Sunday: Stagnant economy reflected in Tulsa earnings
BY MICHAEL OVERALL World Staff Writer
Saturday, April 14, 2012
When economists go out to dinner, they see the menu a little differently. The prices become just another domino in a long, long chain reaction.
Gas prices go up, for example, so the delivery company charges an extra fee to bring food to the restaurant.
The restaurant makes up for it by increasing its own prices. Then customers can’t afford to eat out quite so often. And the waiters collect fewer tips.
Now, the waiters can’t afford so many groceries. So the stores order less produce. And the stockers have to work a shorter shift. So they can’t afford to go to the movies.
On and on, the dominoes fall.
“When gas prices go up, everything that comes on a truck is going to cost more,” explained Steve Greene, dean of the College of Business at Oral Roberts University.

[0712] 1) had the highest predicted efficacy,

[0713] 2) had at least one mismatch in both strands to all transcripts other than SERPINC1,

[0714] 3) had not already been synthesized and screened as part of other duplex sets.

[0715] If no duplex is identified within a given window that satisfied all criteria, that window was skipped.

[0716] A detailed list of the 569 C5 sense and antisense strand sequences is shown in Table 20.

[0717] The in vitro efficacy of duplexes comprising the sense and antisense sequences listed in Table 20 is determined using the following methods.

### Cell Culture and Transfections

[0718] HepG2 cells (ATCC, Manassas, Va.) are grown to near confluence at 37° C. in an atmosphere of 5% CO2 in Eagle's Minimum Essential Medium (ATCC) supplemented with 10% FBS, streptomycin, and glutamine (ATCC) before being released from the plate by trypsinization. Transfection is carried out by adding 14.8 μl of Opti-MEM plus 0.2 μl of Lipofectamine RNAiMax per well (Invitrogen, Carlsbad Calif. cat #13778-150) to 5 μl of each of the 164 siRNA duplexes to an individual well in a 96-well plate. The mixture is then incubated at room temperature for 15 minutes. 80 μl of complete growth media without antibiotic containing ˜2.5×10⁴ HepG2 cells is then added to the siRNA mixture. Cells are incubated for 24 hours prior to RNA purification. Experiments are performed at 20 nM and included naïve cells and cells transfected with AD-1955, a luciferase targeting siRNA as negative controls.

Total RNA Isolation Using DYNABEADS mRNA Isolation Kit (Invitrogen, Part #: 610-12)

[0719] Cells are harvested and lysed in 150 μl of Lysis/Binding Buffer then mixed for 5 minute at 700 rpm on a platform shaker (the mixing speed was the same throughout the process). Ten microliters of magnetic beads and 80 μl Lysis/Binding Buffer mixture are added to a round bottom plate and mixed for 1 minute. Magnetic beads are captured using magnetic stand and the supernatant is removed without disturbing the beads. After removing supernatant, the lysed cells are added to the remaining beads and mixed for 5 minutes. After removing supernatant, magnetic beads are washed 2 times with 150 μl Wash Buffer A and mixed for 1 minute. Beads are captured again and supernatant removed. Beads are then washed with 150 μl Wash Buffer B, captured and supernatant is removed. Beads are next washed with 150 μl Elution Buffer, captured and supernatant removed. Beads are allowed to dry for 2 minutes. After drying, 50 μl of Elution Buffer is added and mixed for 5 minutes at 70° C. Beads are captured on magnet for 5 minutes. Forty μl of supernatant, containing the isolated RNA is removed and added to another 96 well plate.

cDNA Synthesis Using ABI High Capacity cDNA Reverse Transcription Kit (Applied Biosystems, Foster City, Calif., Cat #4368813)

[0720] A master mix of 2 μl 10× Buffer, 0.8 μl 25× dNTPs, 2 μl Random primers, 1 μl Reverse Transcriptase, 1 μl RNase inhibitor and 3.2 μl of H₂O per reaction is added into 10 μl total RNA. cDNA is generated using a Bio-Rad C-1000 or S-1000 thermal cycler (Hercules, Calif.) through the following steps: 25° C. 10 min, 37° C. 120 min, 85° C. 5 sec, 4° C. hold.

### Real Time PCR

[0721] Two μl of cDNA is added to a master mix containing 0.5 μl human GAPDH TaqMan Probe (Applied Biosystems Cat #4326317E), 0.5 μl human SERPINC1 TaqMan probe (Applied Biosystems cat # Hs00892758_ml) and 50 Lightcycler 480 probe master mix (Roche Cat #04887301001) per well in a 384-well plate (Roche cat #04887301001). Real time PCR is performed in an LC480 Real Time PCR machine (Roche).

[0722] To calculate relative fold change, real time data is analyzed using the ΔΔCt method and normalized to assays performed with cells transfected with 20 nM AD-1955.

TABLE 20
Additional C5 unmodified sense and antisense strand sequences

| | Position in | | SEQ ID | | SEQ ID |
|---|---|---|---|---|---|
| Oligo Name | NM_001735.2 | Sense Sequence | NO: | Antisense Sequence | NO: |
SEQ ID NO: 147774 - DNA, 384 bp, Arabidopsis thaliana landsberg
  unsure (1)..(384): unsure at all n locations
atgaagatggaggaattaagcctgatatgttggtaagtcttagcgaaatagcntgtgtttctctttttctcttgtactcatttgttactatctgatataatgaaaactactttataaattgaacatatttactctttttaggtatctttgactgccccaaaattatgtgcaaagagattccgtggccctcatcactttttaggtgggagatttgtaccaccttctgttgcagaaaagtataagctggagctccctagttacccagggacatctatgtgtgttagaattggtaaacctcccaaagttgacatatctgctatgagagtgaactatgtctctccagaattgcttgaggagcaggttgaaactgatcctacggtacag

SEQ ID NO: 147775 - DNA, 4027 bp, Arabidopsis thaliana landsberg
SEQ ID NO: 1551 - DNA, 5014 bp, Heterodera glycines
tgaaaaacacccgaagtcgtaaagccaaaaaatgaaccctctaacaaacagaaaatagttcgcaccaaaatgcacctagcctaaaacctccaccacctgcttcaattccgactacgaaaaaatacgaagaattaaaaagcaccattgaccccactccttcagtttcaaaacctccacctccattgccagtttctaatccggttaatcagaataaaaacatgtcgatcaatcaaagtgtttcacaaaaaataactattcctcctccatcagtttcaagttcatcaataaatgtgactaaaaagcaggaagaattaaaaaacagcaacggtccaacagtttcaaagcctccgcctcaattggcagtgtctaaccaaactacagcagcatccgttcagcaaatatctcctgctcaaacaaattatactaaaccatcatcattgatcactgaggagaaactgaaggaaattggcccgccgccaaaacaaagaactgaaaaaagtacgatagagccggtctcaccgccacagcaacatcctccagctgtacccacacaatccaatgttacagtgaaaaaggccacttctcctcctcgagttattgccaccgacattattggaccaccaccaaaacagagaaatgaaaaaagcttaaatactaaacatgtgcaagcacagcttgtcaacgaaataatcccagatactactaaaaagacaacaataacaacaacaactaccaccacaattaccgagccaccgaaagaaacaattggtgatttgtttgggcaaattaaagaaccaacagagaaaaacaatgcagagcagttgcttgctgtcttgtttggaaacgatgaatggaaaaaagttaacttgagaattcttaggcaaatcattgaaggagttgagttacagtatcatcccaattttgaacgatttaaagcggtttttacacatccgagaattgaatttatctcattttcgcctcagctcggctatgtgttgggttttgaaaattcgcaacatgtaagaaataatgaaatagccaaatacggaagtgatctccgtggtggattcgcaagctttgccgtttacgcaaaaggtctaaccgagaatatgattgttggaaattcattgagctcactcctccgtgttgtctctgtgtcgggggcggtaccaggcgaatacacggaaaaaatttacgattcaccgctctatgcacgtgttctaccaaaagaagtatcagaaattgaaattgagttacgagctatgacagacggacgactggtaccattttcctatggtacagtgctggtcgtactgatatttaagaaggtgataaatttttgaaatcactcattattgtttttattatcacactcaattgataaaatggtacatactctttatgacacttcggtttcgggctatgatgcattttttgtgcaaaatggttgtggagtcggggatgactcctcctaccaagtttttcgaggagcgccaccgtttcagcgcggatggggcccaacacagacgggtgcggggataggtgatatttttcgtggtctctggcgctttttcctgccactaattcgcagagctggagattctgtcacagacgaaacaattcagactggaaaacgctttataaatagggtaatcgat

“And everything comes on a truck.”
It wouldn’t seem so bad if paychecks were going up, too. But they aren’t.
Included with Sunday’s Tulsa World, Parade Magazine looks at what various jobs earn these days across the United States, while the World takes a closer look at some Oklahomans.
Between the 2000 Census and the 2010 Census, median household income in Tulsa County grew roughly 2.6 percent a year, staying just ahead of inflation at 2.4 percent.
The typical family’s income went from $35,316 to $45,613 in Tulsa. But adjusted for inflation, spending power increased only $902.94.
Read the complete story in Sunday's World.